CulturallyOurs Korvapuush Cinnamon Buns From Finland

Irresistible Cinnamon Buns From Finland

CulturallyOurs Korvapuush Cinnamon Buns From Finland

Learn how to make irresistible Finnish cinnamon buns called Korvapuusti which is a staple of Finnish cuisine. It is the perfect comfort food especially for cold winter days especially with a cup of steaming hot coffee.

According to the English dictionary, comfort food is food that provides consolation or a feeling of well-being. And this can mean so many things for so many people – from sweet treats to carb rich meals and everything else in between. In countries like Finland, the weather is still cold and frosty and spring is nowhere in sight. Trees are coated in frost and tempreatures rage to a minus thirty-three degrees Celsius. Down South the temperature is closer to minus ten degrees Celsius and winter is very much present. The chilly air makes you want to snuggle up in the kitchen and bake delicious treats that hold ties to childhood memories of comfort and warmth.CulturallyOurs Korvapuush Cinnamon Buns From Finland CulturallyOurs Korvapuush Cinnamon Buns From FinlandHanna Kirstiina Amy shares a classic winter comfort food – Finnish cinnamon buns called Korvapuusti – from her home town of Helsinki in Finland.CulturallyOurs Korvapuush Cinnamon Buns From FinlandFrom Hanna,

Recently I’ve much enjoyed baking cinnamon buns (or korvapuusti as we call it in Finnish) with a twist. The twist is a gooey blueberry sauce filling that takes the bun to a new level of ooziness. Finnish people love blueberries, primarily because you can pick them in our forests during late summer. The berries are frozen and enjoyed throughout the year. This recipe quickly transitioned into a weekend favorite in our household and it needs to be shared with the world.

Traditionally Korvapuusti are made out of cardamom-filled pulla dough (sweet bun), quintessentially Finnish, which is rolled out into a log and filled with cinnamon and sugar. It is then rolled up and cut into portions, and usually finalised with a sprinkling of nib sugar before being put in the oven. The recipe I will share with you, is an oven tray version, where they cook and expand into the shape of the oven dish. Many countries have their own versions of the korvapuusti; the Swedes have a kanelbulle, Danes have a kanelsnegl, and Germans a Franzbrötchen.CulturallyOurs Korvapuush Cinnamon Buns From Finland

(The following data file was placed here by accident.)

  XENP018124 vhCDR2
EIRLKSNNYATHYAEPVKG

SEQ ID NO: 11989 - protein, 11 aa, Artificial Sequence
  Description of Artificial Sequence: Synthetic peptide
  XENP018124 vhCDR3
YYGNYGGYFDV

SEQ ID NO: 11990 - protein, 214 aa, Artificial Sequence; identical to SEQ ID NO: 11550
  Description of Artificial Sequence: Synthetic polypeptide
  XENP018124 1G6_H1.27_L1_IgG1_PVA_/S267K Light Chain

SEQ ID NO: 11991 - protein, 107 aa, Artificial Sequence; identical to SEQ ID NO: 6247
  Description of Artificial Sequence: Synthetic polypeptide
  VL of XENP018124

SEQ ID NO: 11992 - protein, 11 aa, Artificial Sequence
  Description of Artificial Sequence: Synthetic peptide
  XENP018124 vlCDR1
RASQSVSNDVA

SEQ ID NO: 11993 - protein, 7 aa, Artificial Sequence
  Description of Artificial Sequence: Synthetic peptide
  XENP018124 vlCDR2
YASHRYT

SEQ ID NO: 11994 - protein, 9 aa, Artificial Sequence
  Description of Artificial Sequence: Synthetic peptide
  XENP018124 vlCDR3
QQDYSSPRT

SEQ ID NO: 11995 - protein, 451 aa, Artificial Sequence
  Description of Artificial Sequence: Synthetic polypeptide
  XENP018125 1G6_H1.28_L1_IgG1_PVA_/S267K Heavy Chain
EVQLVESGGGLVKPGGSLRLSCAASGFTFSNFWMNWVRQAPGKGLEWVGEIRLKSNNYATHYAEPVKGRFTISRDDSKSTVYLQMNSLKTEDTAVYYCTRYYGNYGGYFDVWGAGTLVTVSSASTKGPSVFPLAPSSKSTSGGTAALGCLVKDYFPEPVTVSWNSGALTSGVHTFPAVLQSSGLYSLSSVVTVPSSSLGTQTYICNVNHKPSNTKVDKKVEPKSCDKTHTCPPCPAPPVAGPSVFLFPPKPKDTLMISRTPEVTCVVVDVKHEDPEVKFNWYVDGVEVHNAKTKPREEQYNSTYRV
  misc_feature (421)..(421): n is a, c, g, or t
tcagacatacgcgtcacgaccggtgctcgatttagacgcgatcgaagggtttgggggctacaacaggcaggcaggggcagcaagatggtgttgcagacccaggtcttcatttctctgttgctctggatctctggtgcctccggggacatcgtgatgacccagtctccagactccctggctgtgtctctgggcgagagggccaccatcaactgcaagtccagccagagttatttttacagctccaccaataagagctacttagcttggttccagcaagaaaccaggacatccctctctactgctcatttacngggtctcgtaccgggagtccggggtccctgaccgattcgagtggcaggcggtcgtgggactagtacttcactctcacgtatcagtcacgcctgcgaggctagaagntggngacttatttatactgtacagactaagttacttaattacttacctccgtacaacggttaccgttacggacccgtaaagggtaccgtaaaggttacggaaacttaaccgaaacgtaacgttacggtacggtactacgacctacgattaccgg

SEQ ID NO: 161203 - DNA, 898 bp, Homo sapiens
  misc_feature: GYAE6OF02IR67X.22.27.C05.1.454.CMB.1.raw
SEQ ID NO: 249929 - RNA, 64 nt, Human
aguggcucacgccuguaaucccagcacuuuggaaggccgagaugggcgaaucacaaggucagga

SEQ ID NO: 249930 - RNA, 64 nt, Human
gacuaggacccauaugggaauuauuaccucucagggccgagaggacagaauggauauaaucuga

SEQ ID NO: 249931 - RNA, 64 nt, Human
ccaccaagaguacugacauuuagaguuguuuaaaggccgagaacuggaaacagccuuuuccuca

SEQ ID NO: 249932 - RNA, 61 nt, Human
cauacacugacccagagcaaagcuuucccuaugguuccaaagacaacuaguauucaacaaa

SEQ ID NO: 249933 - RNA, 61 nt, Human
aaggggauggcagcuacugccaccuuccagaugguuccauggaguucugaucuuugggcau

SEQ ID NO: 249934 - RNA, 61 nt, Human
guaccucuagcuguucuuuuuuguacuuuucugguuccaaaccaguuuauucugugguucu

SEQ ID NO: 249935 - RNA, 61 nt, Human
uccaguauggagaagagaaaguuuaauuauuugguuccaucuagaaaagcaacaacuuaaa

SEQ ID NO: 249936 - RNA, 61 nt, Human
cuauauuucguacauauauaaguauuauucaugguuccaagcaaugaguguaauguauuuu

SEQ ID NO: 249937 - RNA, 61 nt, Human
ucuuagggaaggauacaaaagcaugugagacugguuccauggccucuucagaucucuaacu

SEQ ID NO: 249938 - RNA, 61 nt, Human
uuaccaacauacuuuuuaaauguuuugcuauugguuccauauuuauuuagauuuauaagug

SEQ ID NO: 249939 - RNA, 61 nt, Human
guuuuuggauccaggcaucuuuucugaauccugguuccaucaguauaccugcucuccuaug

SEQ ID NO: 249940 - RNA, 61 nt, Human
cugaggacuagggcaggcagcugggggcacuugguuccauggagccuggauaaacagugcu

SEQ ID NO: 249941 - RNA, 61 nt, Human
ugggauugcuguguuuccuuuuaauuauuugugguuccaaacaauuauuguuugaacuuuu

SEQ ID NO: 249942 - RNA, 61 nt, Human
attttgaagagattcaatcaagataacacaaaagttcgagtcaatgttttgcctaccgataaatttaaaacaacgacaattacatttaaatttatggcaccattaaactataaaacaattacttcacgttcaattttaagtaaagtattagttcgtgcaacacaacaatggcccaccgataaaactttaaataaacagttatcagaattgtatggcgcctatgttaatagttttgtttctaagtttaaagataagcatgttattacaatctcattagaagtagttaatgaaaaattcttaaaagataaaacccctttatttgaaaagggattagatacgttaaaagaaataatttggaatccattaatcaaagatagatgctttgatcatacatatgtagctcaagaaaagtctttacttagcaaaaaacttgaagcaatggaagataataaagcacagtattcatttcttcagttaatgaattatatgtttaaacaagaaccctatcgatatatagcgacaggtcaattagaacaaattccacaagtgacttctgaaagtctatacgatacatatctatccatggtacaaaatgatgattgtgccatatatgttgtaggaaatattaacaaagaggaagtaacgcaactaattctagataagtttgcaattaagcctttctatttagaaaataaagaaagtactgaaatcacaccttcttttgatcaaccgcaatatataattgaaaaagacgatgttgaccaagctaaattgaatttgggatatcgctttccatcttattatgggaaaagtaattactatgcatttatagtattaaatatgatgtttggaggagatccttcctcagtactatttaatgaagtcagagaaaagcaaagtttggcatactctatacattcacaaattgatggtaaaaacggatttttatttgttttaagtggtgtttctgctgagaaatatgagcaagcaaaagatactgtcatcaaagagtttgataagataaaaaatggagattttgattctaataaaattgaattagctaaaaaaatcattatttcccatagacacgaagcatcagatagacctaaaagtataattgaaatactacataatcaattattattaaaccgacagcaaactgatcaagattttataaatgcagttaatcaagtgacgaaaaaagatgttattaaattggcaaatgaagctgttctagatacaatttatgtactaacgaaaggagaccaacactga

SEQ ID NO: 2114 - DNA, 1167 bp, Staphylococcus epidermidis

History of Finnish Cinnamon Buns

If you have visited Finland you will know that cinnamon buns play a large roll in our existence. One bite and you’ll see why cinnamon buns are a staple of the Finnish baking culture. These are so beloved that Finland even has a national day of celebration for them – October 4th. Korvapuusti is found in every bakery in Helsinki, that come in different sizes and shapes from rolls, braids to butterflies and much enjoyed over tea or coffee. The soft Finnish pulla is an everyday sweet treat here in Finland. The scent of a korvapuusti is inescapable, almost nostalgic as it holds warm memories of childhood that lingers from generation to generation. The general conception is that the bun came to Finland at the end of the 19th century from Europe, via Sweden. Some say it is originally of German origin; others say that a baker from Russia, taught by a Swiss cake connoisseur, brought it to Finland. The actual korvapuusti day however originates from Sweden, which has been celebrated officially since 1999. The Swedes and Danish call their cinnamon treat names directly translates to cinnamon bun/ cinnamon snail but the Finnish name differs as it directly translates to “ a slap in the ear” and therefore, there is much debate over the origin of the name and where it diverts from.CulturallyOurs Korvapuush Cinnamon Buns From FinlandNevertheless, because travelling is on hold for the entire world, I wanted to give you this opportunity to bring a piece of Finland to you. This cinnamon roll is best enjoyed straight from the oven, crisp on the outside, a little undercooked on the inside, with generous spoonfuls of cinnamon sugar and sweet blueberry sauce.